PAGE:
Our Planets & Solar System

Uranus

Take a journey to a mysterious, ice-cloaked world with an unusual secret – it lies on its side, rolling through space like a colossal, misshapen ball.

This is Uranus, the seventh planet from the Sun and one of the most enigmatic members of our solar system. As you embark on this voyage to the outer reaches of our cosmic neighborhood, prepare to uncover the hidden marvels of a world that defies expectation.

Uranus is a gas giant with a unique twist: its axis is tilted at a staggering 98 degrees, causing the planet to essentially spin on its side. This peculiar orientation is believed to be the result of a colossal collision with another celestial body early in the history of our solar system. This extreme tilt gives rise to some of the most dramatic seasonal changes known to science, with each pole experiencing 42 years of continuous sunlight followed by 42 years of darkness.

Shrouded in a thick layer of icy clouds, Uranus displays a beautiful, pale blue hue due to the presence of methane gas in its atmosphere. This gas absorbs red light, causing the planet to reflect the blue wavelengths that ultimately reach our eyes. Beneath this cold, serene exterior, Uranus harbors a turbulent atmosphere characterized by fierce winds that can reach speeds of up to 560 miles (900 kilometers) per hour, driven by heat escaping from the planet’s core.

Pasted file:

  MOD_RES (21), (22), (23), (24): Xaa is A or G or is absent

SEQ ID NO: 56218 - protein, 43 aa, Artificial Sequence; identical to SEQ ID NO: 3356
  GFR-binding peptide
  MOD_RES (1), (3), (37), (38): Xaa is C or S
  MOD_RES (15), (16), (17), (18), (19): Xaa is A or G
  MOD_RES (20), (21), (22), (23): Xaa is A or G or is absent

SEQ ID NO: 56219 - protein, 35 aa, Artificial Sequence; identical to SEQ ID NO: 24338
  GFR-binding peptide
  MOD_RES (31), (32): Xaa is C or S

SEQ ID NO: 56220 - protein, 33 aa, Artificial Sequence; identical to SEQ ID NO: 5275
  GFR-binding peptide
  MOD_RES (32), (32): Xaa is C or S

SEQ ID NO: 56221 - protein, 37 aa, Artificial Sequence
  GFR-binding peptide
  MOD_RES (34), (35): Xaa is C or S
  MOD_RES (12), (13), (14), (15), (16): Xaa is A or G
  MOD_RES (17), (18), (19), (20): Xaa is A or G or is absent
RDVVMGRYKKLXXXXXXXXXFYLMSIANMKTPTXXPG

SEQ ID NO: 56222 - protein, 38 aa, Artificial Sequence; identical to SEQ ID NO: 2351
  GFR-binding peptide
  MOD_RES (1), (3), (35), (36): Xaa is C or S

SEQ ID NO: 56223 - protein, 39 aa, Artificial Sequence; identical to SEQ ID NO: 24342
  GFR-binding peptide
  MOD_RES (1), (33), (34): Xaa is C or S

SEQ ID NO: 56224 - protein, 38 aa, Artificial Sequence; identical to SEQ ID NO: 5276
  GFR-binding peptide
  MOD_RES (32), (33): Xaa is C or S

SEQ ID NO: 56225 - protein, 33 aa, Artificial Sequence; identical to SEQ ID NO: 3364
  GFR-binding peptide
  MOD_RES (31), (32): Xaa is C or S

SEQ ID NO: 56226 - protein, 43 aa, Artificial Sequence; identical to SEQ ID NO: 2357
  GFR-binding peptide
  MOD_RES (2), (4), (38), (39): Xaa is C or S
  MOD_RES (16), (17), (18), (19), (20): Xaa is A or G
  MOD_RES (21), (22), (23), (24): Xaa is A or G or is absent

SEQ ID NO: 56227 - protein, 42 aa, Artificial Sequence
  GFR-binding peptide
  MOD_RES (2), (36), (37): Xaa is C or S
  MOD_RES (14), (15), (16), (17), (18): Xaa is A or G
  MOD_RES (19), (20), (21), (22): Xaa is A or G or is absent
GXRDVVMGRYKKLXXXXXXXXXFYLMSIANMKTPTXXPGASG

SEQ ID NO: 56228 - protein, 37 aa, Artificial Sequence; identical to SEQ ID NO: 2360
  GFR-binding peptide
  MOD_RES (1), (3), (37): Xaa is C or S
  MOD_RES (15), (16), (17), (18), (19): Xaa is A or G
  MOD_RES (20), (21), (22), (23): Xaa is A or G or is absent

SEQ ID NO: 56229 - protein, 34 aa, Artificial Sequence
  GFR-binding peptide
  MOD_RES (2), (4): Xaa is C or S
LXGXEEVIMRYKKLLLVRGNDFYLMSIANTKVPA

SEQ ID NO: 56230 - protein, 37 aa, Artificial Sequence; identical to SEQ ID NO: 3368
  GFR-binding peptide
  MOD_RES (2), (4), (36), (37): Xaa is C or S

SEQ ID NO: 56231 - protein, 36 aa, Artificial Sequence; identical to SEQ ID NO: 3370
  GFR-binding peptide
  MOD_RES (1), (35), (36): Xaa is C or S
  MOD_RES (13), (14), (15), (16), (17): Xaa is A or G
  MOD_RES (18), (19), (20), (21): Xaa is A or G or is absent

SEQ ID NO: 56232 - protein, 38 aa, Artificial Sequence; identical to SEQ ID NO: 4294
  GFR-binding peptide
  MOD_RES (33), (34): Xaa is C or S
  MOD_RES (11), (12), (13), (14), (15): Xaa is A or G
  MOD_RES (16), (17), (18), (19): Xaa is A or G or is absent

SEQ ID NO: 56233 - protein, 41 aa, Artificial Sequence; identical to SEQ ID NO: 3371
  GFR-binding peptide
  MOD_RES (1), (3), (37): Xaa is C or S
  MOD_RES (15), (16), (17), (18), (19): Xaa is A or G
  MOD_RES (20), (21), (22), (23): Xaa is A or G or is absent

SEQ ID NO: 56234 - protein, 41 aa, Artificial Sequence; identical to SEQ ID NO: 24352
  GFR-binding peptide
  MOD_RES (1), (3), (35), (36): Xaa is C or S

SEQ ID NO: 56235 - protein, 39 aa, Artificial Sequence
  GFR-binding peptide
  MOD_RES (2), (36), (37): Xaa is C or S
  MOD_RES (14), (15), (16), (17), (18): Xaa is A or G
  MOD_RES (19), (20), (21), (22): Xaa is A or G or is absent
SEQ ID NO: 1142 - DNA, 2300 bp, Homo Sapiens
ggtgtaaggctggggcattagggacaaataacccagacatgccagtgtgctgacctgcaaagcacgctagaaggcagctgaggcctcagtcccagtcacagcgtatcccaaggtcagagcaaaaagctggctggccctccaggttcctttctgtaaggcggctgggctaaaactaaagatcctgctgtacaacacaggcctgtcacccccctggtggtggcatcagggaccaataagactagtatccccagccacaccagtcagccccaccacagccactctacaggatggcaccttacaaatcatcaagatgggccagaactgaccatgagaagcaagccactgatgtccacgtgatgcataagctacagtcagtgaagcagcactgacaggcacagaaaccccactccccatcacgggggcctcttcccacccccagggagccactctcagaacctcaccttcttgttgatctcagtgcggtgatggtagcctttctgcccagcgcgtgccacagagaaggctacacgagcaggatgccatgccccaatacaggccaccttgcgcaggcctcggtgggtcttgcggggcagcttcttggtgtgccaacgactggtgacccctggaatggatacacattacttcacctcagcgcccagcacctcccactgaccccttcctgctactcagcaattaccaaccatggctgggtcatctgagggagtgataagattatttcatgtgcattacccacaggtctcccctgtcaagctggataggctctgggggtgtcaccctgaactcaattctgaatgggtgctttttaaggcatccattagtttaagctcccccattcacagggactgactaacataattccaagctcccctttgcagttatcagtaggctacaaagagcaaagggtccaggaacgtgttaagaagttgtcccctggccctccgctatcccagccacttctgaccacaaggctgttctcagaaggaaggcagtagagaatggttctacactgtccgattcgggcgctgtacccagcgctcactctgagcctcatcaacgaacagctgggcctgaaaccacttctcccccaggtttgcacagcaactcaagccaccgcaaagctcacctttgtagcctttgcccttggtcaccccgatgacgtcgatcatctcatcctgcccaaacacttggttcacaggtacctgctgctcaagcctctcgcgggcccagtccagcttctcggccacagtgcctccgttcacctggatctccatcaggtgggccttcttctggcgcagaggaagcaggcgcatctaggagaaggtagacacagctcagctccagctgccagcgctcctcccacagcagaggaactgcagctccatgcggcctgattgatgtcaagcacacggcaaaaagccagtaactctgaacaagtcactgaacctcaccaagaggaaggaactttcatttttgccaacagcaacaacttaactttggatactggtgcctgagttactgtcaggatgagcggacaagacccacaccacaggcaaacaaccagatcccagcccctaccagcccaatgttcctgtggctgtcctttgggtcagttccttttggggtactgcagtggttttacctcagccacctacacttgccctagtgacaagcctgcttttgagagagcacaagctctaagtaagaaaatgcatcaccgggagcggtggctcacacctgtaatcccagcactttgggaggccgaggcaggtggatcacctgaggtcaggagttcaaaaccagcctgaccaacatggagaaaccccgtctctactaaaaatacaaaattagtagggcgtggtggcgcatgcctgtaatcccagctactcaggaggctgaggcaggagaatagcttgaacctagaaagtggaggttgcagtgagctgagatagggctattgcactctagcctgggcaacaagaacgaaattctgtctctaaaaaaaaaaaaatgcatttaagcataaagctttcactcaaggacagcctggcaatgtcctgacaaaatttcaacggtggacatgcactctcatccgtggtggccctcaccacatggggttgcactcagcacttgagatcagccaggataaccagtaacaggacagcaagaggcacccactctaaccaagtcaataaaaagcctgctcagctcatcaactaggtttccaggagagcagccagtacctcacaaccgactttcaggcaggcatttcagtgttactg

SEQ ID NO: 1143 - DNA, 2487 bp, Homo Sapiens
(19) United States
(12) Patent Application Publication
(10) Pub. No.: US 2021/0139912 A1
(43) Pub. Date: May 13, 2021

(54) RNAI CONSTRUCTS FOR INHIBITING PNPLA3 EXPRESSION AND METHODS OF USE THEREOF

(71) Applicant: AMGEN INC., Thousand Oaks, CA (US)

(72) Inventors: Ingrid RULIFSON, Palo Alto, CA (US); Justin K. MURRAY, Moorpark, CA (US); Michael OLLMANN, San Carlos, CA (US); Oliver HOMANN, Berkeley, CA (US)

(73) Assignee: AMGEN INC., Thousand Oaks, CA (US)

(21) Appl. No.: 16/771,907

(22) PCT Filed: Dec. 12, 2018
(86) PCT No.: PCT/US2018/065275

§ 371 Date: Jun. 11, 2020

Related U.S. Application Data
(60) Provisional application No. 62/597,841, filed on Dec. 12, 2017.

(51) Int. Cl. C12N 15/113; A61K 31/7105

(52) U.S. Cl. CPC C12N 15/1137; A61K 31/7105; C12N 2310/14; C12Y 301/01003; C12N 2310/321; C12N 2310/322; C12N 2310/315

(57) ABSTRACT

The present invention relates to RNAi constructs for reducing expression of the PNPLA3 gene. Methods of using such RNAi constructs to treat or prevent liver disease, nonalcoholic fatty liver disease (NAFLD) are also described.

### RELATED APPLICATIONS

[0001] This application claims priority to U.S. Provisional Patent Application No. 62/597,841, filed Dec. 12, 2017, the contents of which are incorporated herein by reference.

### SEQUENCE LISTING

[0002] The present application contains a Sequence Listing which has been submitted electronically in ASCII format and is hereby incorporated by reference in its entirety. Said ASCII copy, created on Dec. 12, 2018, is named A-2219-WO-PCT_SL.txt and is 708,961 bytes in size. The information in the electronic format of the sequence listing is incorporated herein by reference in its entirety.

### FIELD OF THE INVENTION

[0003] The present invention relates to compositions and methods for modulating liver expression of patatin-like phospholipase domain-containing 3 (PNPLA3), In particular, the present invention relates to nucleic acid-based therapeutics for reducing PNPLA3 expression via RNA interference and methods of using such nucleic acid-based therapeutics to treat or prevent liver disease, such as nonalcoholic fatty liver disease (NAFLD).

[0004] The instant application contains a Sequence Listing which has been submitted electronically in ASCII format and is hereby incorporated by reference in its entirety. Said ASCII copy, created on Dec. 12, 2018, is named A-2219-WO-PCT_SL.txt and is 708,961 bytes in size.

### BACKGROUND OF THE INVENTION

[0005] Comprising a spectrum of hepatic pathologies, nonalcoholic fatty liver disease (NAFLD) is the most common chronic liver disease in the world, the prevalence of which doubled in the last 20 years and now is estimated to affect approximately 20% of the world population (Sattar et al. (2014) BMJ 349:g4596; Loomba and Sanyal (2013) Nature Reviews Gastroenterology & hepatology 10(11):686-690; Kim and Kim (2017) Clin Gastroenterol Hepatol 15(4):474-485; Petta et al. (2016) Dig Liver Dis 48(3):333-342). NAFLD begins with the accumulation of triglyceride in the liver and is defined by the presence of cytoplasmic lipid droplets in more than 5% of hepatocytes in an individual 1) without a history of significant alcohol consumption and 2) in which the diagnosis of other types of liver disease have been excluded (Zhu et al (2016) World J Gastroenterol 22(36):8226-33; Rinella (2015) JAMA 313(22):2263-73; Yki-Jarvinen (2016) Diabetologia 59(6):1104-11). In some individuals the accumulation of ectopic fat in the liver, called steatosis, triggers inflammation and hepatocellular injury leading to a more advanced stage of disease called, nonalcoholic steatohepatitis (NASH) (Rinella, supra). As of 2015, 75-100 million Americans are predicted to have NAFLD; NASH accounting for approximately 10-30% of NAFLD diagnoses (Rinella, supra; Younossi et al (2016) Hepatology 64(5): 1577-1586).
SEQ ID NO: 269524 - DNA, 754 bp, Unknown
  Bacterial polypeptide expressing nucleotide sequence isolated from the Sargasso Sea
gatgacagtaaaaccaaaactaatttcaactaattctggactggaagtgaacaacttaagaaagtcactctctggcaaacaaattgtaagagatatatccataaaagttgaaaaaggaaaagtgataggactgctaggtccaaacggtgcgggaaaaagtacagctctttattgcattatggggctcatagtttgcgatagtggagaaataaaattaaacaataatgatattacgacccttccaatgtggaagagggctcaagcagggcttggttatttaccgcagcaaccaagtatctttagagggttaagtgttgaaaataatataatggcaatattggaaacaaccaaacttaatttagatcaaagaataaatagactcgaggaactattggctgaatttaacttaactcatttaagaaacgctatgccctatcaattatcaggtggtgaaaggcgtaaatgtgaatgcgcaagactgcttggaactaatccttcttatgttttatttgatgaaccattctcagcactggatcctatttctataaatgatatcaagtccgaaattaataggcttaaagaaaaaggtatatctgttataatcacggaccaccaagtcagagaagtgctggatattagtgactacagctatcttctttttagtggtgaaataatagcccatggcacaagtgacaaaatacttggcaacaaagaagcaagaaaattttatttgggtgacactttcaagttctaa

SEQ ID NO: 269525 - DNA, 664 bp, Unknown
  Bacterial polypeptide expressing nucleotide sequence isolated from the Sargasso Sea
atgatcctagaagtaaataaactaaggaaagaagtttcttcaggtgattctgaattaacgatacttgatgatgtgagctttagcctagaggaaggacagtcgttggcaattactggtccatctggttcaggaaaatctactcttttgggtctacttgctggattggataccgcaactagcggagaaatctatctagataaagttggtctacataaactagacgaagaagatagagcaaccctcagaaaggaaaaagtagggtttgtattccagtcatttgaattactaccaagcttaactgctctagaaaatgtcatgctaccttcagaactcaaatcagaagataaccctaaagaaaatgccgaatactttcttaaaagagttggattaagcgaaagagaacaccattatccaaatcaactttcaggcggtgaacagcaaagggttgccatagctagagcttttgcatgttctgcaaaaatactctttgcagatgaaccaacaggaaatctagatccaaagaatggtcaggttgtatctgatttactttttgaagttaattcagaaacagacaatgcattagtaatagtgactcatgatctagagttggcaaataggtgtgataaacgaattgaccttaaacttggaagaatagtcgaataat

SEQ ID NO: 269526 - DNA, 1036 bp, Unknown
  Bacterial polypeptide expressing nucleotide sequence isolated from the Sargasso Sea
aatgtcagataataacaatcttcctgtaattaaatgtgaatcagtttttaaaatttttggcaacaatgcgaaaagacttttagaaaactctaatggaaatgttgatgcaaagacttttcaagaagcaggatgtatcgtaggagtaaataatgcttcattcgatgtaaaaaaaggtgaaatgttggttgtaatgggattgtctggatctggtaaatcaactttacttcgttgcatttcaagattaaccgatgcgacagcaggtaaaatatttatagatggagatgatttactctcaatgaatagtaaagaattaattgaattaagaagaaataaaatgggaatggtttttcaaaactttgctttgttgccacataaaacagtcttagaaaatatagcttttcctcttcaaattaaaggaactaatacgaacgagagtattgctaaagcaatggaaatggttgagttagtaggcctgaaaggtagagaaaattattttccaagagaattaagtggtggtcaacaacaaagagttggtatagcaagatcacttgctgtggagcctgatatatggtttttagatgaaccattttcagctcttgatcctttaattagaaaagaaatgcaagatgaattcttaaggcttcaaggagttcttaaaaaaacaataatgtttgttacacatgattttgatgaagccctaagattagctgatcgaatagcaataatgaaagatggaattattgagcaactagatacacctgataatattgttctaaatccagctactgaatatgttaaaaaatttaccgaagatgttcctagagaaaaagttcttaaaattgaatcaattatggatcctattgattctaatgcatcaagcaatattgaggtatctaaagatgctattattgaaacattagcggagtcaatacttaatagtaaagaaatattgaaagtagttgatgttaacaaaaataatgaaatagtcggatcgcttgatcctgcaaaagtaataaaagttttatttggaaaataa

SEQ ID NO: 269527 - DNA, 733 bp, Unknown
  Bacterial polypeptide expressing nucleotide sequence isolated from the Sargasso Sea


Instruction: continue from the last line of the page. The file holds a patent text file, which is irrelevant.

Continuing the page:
Uranus has 27 known moons

Uranus is also home to a complex system of rings and an entourage of 27 known moons, each with its own distinct features. The rings of Uranus are dark and composed of ice, rock, and organic materials, and they are separated into distinct, narrow bands. The planet’s moons, named after characters from the works of William Shakespeare and Alexander Pope, offer a diverse array of geological formations and intriguing surface features, from the ancient, cratered surface of Oberon to the smooth, icy plains of Miranda.

The study of Uranus has been limited, with the only close encounter being NASA’s Voyager 2 spacecraft, which conducted a flyby in 1986. This historic mission provided invaluable data and revealed some of the planet’s most captivating secrets, such as the discovery of its rings and the detailed study of its moons. However, there is still much to learn about this enigmatic world, and future missions to explore Uranus and its intriguing features are on the horizon.

As you delve into the fascinating realm of Uranus, let your curiosity guide you and your imagination run wild. This distant, ice-covered planet with its peculiar tilt and dynamic environment provides a wealth of scientific opportunities and challenges. The exploration of Uranus, with its unconventional features and diverse moon system, serves as an inspiration for future generations to push the limits of human knowledge and strive to understand the myriad wonders that lie hidden within our universe.

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